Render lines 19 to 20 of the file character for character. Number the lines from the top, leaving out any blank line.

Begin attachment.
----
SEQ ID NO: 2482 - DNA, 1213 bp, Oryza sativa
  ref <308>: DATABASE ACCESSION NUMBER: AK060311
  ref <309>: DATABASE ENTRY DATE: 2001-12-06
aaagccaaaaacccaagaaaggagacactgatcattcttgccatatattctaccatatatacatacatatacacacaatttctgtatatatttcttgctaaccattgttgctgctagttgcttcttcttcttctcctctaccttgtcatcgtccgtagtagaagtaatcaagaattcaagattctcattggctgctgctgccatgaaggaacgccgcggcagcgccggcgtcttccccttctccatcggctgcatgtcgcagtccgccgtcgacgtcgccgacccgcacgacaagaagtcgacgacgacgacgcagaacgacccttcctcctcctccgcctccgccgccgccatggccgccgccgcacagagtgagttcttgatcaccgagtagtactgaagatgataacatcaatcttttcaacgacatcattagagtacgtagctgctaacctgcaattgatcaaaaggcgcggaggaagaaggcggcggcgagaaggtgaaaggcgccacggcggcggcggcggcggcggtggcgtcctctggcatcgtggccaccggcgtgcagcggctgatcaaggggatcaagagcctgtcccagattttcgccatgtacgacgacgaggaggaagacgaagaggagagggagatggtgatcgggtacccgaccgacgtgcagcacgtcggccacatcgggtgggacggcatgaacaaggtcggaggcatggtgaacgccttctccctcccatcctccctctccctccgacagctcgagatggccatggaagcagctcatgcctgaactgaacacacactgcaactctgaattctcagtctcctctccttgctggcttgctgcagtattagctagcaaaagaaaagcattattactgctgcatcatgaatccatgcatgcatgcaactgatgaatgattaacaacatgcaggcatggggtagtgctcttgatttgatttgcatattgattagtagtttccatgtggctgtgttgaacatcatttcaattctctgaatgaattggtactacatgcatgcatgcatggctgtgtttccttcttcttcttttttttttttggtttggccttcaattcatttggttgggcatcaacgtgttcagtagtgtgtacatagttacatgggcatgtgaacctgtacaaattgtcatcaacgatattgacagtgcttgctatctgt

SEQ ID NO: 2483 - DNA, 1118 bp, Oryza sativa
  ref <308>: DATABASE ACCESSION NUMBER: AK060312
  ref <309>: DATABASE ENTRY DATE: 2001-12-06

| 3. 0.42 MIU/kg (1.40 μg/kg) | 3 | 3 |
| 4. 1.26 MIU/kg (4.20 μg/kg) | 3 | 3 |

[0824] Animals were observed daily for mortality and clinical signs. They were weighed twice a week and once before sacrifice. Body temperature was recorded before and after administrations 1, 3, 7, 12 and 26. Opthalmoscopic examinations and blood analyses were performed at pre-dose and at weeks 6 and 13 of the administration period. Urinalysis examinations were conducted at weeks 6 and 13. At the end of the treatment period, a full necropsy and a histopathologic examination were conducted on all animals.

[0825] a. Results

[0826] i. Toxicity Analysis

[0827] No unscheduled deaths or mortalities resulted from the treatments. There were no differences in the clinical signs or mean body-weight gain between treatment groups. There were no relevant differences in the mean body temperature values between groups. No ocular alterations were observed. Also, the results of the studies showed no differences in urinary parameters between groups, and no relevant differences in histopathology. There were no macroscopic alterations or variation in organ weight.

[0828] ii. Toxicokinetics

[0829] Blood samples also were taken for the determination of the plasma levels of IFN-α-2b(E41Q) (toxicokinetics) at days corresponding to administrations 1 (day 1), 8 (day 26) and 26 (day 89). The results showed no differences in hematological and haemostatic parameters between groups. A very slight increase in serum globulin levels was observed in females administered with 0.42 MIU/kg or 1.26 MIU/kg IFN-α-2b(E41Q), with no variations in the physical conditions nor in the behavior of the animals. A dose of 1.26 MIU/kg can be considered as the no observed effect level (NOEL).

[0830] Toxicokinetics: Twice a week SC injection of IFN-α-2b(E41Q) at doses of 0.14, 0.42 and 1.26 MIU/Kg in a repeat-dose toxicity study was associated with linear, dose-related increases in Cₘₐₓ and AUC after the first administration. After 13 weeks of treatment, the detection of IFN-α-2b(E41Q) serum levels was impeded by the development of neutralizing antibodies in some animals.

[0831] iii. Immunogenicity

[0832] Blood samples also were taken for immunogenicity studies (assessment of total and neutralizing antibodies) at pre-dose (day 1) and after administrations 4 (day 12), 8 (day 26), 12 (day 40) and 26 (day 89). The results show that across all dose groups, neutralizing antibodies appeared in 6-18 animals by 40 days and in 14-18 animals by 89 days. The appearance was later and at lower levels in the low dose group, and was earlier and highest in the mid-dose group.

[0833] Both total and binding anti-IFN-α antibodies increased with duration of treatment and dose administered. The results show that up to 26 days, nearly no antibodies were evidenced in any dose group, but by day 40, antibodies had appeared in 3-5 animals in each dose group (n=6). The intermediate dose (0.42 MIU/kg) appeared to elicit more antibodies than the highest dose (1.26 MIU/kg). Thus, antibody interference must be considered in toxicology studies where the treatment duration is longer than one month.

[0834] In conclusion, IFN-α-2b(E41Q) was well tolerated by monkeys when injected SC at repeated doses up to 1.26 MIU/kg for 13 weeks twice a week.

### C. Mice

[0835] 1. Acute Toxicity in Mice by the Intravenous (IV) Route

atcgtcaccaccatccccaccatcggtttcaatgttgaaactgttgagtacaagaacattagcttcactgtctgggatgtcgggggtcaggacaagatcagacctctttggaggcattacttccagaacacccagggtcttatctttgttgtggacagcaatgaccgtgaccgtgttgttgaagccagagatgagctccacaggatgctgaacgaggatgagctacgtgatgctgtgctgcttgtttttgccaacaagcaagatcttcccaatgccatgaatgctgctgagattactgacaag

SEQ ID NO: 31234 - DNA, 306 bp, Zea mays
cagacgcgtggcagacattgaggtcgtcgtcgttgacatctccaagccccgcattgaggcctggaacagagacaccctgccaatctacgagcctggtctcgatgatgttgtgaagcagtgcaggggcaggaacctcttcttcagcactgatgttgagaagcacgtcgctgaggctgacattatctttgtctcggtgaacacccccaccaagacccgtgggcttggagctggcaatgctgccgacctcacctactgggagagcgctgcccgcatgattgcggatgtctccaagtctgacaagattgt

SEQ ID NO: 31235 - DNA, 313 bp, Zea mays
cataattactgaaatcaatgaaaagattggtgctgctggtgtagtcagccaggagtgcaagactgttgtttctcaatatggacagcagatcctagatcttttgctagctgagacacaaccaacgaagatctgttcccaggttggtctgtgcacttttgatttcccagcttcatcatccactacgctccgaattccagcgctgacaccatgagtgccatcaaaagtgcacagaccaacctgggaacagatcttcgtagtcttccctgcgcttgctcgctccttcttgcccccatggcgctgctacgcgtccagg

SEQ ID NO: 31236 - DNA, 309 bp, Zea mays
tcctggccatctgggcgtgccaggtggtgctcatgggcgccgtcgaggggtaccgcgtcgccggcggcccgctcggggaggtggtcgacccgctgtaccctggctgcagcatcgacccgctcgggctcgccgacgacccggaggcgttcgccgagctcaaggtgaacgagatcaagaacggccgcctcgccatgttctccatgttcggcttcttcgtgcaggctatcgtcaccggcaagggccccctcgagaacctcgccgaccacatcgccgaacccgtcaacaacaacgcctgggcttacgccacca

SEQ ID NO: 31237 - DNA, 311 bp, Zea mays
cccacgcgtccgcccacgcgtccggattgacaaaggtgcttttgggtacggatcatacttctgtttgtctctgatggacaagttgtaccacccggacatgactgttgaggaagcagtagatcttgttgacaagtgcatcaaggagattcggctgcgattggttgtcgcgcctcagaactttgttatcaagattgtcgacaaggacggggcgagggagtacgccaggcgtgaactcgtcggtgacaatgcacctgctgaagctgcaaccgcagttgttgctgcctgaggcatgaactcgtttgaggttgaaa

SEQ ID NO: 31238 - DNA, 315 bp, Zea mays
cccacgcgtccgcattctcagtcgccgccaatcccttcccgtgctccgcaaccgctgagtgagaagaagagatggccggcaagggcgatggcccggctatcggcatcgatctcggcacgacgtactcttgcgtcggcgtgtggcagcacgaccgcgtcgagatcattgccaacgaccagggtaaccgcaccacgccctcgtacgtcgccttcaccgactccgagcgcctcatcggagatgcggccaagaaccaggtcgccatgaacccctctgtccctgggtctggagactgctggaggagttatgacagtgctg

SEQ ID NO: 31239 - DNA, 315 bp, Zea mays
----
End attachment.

[0833] Both total and binding anti-IFN-α antibodies increased with duration of treatment and dose administered. The results show that up to 26 days, nearly no antibodies were evidenced in any dose group, but by day 40, antibodies had appeared in 3-5 animals in each dose group (n=6). The intermediate dose (0.42 MIU/kg) appeared to elicit more antibodies than the highest dose (1.26 MIU/kg). Thus, antibody interference must be considered in toxicology studies where the treatment duration is longer than one month.

[0834] In conclusion, IFN-α-2b(E41Q) was well tolerated by monkeys when injected SC at repeated doses up to 1.26 MIU/kg for 13 weeks twice a week.